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Passengers asked to plan ahead as Montreal-Trudeau airport expecting summer travel surge

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Around seven million people are expected to fly in and out of the Montreal-Trudeau airport over the next three months — a record amount.

With some tricks to avoid more hold-ups, passengers are asked to plan ahead.

"Last year, we had about 2 million passengers per month for the summer. This year, it's going to be about 2.2 [million], so it's a big increase," Anne-Sophie Hamel, an Aéroports de Montréal (ADM) spokesperson.

Whether it's to avoid congestion on the road or foot traffic inside the airport, passenger Ines Idrissi said she always shows up with a few hours to spare.

"If you don't come here early, you're going to have to wait even more hours to take another flight so that's even more annoying," she told CTV News.

Visiting from Brisbane, Australia, John Loxton said he knew better than to get stuck in a rush-hour jam.

"We're about four hours early," he said. "I didn't want to get stuck in that traffic coming out of Montreal on the freeway."

Passengers are seen inside the Montreal airport on Thursday, June 20, 2024. (Laurence Brisson Dubreuil/CTV News)

Hamel said passengers should prepare for more hold-ups this June, July and August.

"There's going to be times where it's going to be a little more difficult at the airport, especially during our peak periods ... which is the end of day around 2 p.m. to 8 p.m.," she said.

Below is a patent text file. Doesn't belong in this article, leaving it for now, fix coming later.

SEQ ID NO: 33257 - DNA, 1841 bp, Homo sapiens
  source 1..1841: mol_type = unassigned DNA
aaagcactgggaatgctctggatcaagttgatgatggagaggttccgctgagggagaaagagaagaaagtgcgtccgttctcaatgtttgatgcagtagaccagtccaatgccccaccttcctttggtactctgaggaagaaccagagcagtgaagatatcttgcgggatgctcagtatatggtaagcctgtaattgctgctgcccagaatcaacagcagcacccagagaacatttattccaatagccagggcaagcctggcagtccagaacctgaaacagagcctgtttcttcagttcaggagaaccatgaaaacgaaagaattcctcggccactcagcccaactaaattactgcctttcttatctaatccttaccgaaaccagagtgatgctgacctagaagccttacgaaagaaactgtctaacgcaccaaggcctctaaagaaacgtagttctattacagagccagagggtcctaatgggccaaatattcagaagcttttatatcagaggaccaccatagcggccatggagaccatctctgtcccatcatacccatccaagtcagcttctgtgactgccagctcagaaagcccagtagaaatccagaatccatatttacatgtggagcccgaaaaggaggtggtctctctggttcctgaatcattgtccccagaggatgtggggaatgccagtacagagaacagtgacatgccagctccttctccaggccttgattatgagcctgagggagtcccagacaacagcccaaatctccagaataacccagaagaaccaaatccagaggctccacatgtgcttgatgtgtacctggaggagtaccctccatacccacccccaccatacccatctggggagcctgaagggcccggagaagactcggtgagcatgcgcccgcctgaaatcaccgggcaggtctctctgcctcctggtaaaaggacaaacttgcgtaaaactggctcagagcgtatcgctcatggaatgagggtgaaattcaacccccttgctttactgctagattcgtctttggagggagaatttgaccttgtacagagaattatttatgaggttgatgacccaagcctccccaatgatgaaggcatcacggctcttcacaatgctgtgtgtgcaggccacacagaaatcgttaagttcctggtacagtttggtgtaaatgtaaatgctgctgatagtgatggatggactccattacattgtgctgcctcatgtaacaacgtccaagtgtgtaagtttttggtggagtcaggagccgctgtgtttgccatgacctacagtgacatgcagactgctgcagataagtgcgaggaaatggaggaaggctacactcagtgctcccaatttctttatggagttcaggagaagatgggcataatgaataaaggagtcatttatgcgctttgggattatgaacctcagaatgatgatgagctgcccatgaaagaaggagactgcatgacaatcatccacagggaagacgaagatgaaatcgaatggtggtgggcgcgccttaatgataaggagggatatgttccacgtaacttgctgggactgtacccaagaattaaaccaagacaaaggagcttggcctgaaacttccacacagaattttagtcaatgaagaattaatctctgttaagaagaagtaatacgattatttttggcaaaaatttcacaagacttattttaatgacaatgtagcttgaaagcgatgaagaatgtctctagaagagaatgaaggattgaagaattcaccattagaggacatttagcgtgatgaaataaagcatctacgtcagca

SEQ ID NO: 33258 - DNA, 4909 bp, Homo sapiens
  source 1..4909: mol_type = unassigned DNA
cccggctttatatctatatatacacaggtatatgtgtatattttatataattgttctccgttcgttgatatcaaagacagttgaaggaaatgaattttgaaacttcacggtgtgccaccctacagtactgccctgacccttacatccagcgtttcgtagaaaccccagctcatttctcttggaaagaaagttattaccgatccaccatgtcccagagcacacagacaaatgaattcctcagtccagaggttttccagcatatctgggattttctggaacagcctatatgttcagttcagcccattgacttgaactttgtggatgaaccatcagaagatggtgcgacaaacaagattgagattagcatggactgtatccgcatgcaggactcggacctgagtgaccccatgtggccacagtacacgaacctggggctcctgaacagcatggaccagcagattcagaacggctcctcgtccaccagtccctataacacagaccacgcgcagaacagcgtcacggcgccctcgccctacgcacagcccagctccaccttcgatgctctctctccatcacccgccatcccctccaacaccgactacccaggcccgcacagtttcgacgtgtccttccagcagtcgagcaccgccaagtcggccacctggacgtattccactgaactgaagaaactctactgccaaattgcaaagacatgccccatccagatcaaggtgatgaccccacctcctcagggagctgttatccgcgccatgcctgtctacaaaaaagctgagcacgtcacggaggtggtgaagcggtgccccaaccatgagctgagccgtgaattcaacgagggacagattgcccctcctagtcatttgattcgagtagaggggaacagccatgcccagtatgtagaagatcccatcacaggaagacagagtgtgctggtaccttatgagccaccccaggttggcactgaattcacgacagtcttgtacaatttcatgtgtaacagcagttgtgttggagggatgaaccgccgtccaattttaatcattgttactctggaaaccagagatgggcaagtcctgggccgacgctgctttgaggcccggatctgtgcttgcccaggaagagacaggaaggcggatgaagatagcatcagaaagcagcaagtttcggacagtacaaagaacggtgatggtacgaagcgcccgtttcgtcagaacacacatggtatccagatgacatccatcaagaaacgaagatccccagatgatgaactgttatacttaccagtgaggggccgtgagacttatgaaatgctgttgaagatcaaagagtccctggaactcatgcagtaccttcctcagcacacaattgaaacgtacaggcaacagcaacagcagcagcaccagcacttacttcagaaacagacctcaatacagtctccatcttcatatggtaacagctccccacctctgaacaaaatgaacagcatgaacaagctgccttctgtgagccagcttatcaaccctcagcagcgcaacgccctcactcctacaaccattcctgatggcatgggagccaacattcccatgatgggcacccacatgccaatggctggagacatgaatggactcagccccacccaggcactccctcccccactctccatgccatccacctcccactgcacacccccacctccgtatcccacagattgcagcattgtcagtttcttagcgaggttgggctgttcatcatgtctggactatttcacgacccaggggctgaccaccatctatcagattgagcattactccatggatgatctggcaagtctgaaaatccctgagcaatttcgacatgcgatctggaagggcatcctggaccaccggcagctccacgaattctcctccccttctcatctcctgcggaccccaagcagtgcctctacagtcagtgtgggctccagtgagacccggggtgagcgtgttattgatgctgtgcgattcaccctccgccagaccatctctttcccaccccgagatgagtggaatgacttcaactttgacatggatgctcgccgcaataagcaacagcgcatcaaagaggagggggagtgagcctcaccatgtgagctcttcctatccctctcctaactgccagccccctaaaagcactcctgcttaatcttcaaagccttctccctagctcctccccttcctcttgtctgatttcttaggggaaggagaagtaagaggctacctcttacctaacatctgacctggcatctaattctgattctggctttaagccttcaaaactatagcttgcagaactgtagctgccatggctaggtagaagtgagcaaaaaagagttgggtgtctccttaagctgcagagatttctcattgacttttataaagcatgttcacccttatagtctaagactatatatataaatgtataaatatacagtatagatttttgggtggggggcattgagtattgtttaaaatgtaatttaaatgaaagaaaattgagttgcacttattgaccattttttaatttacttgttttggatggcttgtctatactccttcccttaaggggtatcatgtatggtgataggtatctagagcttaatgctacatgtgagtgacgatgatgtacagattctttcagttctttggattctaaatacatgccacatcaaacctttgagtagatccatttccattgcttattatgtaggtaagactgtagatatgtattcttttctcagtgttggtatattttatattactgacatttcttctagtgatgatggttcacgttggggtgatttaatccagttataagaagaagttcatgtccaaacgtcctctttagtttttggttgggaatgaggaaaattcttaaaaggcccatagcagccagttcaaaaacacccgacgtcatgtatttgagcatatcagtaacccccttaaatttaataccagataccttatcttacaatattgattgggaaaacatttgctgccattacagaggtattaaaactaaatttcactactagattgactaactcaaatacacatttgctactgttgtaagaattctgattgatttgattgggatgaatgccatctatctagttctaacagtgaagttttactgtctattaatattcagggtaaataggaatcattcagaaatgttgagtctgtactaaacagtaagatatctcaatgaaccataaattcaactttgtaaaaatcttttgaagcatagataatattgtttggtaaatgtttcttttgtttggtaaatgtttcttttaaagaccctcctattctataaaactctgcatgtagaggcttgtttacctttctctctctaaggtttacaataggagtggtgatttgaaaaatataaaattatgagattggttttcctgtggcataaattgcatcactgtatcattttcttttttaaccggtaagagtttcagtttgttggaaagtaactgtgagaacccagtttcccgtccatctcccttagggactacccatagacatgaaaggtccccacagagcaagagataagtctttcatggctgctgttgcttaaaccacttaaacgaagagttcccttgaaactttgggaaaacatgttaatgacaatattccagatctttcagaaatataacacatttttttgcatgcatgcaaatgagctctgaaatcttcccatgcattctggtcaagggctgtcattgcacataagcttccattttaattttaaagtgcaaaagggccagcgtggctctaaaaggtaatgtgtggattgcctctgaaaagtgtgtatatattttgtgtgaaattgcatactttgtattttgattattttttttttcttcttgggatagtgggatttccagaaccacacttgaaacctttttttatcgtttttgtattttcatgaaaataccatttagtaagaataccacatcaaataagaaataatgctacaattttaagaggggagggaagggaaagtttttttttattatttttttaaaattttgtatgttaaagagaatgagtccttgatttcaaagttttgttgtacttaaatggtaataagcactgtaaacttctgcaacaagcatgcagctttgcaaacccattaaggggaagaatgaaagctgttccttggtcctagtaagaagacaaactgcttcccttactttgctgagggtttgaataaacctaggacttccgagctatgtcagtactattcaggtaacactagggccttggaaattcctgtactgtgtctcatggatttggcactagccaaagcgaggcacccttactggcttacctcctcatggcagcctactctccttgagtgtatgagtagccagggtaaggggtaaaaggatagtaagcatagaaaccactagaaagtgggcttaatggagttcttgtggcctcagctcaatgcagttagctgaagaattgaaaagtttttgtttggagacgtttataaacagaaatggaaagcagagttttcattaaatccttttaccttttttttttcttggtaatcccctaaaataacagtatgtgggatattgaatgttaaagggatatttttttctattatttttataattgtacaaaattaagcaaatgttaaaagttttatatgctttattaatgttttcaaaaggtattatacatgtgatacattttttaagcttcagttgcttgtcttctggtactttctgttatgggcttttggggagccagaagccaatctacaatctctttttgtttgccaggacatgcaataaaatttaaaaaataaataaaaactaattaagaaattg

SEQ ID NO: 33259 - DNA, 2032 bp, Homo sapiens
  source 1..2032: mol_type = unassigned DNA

She recommends arriving at the airport at least three hours before a scheduled flight and using available technology to plan ahead, including the YUL Express app, which allows passengers to set a time to access security checkpoints and stay up-to-date on flight information.

Hamel said Montreal's international airport is seeing the biggest growth across all the major Canadian airports.

"That means that we offer good air services, we have great destinations, and we can make sure that people from Montreal get to travel, see the world, meet with their families and we have tourists here, which is good also for the economic growth of the city," she said.

While the ADM sees the spike in passengers as a plus, aviation expert John Gradek said it's not all positive.

"There's about $10 billion that are going to be needed to make Montreal the right airport size and right airport capacity to meet demand," said Gradek, a lecturer and coordinator of the Aviation Management Program at McGill University.

The ADM said it added measures this summer to limit traffic to the airport, including two drop-off points. The "express west" drop-off area is at parking lot number 4 and the "express east" area is near Highway 520.

Once there, passengers can use the airport shuttle bus to get to the terminal in less than five minutes.

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